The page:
Ikea wooden furniture vibrates between 80Hz and 110hz

frank71

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Hi all, I'm a newbie and I'm trying to improve my home theatre acoustic room quality. First of all (the noise is very loud) I've found that in my actual room my Ikea wooden furniture vibrates (resonates?) between 80Hz and 110Hz.
How can I do?
Thanks!
 

Lip

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Is it real wood , or something that looks like wood (Ikea Lack tafel)?
 

frank71

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Exactly the old Ikea series "anedoba"
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thanks
 

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Lip

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When you remove the drawers, does it still resonate?
 

frank71

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I can't try at this moment... But tomorrow I can verify that.
 

bvocal

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Take it out of the room. I'm serious. You really do not want anything with 5 sides in the room, and this is a 5 sided box full of 5 sided boxes. 5 sided boxes have resonances based on their dimensions and materials, which is always going to be bad... No hutches, fireplaces, old speakers with drivers removed, speakers not in use, book cases, the lot. Use shelving that is all open, no sidewalls etc.
Cheers.
 

frank71

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Thanks but I cannot taking it out! Tomorrow I'll try to remove the drawers... However, there is some way to reduce at minimum the possible resonances?
 

bvocal

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Not really. I mean, sure, glue mass loaded vinyl to parts or other things to change the apparent density of the object in order to change it's resonant frequency hoping to drop it down to a not a problem frequency. The cost of doing so would be so much more than the cost of the furniture it's not even funny.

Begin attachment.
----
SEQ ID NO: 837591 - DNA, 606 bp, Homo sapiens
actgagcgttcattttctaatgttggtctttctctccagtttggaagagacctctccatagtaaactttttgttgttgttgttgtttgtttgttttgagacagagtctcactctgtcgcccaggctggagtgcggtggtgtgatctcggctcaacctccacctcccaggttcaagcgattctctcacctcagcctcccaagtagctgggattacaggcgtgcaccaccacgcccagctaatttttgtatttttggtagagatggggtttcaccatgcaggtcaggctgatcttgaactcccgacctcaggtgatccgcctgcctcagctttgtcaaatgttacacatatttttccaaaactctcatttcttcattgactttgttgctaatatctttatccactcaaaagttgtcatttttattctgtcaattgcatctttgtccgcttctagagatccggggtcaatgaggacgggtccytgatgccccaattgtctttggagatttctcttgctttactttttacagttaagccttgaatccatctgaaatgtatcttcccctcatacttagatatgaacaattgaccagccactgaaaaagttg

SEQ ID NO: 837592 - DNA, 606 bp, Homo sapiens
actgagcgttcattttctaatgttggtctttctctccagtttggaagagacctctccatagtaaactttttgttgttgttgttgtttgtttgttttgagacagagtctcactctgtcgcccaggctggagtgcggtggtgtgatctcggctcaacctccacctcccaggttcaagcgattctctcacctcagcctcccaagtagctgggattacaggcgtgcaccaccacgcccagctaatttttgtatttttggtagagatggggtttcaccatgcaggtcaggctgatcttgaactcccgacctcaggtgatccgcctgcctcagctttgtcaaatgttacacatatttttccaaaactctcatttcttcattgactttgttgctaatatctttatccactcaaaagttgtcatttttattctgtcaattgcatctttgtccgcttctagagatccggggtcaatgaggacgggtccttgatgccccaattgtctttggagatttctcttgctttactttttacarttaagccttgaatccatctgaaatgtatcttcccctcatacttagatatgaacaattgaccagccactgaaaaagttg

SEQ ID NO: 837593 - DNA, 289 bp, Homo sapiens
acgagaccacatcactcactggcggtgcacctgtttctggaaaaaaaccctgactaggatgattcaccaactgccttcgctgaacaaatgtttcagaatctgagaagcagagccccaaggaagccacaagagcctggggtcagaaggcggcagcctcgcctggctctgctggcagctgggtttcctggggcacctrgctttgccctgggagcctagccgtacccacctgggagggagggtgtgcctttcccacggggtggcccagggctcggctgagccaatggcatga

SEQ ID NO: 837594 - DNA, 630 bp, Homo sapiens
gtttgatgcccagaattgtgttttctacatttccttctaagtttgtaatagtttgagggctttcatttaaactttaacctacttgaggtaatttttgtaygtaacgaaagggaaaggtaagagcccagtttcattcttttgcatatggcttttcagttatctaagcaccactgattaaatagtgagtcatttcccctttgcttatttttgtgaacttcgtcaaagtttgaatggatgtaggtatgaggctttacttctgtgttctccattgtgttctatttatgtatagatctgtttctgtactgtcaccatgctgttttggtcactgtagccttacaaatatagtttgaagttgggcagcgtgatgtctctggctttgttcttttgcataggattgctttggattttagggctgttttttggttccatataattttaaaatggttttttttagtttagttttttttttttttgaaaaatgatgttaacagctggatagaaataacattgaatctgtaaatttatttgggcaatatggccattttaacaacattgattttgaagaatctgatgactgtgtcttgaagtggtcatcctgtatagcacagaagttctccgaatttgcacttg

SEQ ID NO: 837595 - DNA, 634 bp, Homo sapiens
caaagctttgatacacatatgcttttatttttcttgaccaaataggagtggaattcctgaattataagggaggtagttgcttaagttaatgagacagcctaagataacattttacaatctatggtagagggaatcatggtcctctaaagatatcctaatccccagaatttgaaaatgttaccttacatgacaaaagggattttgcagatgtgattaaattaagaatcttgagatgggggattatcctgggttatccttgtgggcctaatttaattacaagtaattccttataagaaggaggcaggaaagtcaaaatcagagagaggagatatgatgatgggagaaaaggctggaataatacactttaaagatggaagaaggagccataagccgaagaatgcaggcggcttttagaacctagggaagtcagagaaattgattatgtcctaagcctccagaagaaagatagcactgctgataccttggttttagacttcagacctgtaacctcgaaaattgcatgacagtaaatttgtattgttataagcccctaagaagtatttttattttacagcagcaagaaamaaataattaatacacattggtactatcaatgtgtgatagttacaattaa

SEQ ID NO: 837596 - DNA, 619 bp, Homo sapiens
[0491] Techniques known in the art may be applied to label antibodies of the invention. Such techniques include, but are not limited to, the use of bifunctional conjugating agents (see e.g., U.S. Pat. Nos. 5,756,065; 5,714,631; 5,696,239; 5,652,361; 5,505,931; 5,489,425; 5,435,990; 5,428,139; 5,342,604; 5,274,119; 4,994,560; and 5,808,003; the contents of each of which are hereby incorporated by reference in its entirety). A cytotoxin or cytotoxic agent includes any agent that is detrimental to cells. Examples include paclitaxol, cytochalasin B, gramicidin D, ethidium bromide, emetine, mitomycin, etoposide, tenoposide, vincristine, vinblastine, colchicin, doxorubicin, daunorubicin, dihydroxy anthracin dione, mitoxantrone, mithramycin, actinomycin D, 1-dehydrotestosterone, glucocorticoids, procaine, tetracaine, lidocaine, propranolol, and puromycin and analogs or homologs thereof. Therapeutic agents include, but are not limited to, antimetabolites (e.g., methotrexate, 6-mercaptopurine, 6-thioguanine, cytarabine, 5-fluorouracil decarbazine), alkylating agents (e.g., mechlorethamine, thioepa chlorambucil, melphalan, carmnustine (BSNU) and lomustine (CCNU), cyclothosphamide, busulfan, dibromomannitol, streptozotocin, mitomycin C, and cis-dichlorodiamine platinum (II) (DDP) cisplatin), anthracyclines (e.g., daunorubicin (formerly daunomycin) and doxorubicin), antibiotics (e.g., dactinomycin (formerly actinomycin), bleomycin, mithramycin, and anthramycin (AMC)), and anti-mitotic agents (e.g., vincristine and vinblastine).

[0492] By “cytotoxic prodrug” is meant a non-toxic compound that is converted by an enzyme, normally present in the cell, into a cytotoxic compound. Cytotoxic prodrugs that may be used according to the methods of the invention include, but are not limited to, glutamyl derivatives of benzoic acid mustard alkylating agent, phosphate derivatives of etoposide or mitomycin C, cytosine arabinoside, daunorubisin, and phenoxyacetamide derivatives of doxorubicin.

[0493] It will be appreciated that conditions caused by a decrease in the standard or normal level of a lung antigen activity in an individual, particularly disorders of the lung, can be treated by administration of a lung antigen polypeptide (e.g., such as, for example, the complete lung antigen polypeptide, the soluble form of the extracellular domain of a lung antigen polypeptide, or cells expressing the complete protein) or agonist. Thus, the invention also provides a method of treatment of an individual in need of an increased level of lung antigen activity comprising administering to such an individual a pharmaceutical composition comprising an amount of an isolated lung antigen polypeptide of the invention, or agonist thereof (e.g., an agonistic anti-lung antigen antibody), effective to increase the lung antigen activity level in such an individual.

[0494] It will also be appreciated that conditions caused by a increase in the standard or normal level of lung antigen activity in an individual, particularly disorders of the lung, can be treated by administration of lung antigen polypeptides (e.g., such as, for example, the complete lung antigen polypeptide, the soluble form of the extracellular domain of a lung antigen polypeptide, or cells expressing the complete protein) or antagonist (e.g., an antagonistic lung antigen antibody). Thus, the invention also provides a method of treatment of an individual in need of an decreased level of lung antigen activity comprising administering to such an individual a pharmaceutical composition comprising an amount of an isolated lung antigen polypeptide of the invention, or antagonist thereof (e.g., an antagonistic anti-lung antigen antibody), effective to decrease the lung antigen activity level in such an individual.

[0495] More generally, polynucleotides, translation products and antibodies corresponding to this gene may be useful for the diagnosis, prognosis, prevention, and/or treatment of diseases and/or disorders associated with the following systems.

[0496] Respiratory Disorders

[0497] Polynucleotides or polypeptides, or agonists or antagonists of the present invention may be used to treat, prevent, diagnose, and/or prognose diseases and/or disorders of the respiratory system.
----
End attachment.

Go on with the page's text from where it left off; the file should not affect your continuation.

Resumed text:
I'll tell you 2 stories, as quickly as I can.
I know a guy, he is extremely smart, 40+ years audiophile, bought Magico M2 speakers, I went over after he had them some time, and listened. He was making excesses for them, said he needs new Nelson Pass amplifiers to control them from acoustic feedback. I pointed to the front of his room and said I wager that if you remove those 2 empty speaker cabinets with the drivers removed, that are holding up the TV, the 'acoustic feedback' 'caused by the 'weak amp' will be gone. It took 4-5 months for him to remove the empty speaker cabinets, but he did and now he doesn't need to spent $50,000 on new amps.
Story #2- My first acoustics exploration was in a room 11x17x8 feet, I did a lot of work on that room and there was something still wrong with the bass. I tried to solve the problem for months, finally I concluded that the only part of the room I didn't completely redo yet was the back wall, on that back wall there were 2 bookcases, the cheap particleboard type, full of big coffee table books, I thought diffusion and absorption...
When I make an acoustic change I like to be playing music while I do, as the change, if any, from the new element, will be audible as you place it.
As I wheeled the book cases out of place and out of the room I could hear that bass problem I could not fix... vanish.
Play it how you want, I've said my piece.
 
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